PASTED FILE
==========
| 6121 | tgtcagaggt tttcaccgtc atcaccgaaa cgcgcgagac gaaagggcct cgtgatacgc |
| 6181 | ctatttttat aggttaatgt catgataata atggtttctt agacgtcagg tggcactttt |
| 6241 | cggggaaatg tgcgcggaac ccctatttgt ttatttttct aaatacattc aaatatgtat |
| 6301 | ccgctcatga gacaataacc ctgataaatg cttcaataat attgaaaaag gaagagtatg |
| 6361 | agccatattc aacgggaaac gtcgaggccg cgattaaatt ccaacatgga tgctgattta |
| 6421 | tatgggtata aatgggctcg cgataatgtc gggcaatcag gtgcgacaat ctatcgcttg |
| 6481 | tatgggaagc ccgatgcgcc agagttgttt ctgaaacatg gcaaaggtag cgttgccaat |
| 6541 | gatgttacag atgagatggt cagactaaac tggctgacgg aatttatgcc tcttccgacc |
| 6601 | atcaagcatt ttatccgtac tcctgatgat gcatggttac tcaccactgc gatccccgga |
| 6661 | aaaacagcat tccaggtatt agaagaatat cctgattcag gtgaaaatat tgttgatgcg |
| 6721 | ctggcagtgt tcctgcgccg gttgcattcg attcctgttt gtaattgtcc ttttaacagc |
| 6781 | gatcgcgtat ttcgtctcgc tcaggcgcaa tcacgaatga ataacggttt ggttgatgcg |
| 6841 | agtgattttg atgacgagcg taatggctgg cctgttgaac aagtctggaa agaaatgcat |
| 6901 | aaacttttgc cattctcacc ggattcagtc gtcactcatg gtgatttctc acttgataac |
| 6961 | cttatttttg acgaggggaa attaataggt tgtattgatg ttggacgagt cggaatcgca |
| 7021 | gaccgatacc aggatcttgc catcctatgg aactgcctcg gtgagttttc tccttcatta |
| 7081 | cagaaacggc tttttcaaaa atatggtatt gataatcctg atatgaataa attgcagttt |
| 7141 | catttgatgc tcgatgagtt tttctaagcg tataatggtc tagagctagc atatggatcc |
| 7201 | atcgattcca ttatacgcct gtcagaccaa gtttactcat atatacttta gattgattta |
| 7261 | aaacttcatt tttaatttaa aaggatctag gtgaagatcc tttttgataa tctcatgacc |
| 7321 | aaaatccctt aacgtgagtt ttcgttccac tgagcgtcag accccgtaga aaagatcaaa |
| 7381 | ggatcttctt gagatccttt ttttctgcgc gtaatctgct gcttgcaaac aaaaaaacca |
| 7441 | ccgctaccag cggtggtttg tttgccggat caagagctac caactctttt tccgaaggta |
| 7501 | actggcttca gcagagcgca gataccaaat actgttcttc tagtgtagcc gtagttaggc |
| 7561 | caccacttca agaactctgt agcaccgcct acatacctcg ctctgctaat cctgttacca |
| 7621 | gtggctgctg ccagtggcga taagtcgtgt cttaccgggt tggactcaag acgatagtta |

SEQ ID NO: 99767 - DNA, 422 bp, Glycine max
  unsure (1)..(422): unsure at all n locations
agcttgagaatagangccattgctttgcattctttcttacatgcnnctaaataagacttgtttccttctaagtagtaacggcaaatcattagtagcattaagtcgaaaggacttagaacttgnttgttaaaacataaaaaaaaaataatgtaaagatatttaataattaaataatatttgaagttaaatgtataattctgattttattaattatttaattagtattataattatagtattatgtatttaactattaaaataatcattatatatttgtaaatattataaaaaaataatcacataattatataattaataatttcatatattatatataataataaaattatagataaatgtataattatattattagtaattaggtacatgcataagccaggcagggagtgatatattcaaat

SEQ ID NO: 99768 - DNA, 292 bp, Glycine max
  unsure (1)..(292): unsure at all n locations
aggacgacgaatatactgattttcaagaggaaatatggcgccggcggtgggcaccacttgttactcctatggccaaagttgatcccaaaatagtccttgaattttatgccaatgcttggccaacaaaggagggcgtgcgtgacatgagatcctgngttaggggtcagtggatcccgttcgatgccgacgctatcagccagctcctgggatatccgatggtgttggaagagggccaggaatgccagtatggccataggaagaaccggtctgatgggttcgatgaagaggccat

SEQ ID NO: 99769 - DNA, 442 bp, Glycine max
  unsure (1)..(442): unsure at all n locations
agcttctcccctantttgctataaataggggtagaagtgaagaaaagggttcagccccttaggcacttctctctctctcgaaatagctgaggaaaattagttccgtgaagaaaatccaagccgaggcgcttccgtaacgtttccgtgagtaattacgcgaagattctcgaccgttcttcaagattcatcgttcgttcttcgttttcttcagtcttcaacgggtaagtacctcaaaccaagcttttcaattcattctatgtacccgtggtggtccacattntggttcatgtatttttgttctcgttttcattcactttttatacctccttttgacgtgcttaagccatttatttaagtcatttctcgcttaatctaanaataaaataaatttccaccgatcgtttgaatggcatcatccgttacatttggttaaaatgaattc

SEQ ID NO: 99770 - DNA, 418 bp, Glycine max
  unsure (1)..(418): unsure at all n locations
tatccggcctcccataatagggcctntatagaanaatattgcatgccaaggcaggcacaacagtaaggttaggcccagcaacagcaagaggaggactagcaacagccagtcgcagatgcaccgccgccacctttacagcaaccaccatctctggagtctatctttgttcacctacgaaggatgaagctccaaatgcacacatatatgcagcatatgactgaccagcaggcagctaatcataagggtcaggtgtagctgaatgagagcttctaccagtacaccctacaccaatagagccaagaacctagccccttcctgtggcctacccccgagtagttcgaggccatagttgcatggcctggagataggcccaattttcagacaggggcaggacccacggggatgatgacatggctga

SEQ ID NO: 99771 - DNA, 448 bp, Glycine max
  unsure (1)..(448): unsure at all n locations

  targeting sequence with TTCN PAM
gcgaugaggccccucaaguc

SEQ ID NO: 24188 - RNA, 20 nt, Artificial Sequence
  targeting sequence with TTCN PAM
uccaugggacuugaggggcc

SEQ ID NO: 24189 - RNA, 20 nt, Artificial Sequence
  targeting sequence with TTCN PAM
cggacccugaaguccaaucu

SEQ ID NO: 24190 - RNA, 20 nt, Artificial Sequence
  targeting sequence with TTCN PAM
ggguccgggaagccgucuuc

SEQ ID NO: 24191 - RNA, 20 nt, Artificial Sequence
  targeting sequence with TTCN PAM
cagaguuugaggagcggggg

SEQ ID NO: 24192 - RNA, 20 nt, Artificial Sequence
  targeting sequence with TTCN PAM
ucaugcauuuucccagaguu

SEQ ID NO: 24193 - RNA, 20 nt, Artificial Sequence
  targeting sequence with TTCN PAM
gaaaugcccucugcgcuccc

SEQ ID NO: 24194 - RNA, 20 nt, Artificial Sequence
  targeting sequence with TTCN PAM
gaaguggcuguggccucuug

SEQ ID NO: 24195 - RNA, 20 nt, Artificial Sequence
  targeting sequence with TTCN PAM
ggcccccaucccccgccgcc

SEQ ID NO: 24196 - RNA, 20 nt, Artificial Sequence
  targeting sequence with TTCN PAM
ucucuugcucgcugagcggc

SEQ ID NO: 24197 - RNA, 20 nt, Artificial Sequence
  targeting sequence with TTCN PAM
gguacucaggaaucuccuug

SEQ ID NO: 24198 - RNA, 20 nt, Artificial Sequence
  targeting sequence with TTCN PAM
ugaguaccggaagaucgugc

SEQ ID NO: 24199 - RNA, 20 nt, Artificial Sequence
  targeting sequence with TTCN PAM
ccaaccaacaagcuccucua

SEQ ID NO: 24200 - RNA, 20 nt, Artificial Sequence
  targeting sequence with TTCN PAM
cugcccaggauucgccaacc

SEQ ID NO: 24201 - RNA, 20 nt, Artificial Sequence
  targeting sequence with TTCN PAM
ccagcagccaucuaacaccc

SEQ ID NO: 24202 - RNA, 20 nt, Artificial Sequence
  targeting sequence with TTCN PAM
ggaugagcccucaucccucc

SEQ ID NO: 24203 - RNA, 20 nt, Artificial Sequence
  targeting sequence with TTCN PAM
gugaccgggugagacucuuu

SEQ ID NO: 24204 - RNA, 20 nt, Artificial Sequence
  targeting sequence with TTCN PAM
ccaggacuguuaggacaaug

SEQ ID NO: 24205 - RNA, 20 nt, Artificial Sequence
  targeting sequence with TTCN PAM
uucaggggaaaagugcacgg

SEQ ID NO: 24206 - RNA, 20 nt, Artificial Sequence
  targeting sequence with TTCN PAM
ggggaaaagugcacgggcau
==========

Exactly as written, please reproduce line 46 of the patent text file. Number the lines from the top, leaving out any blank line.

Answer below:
SEQ ID NO: 24189 - RNA, 20 nt, Artificial Sequence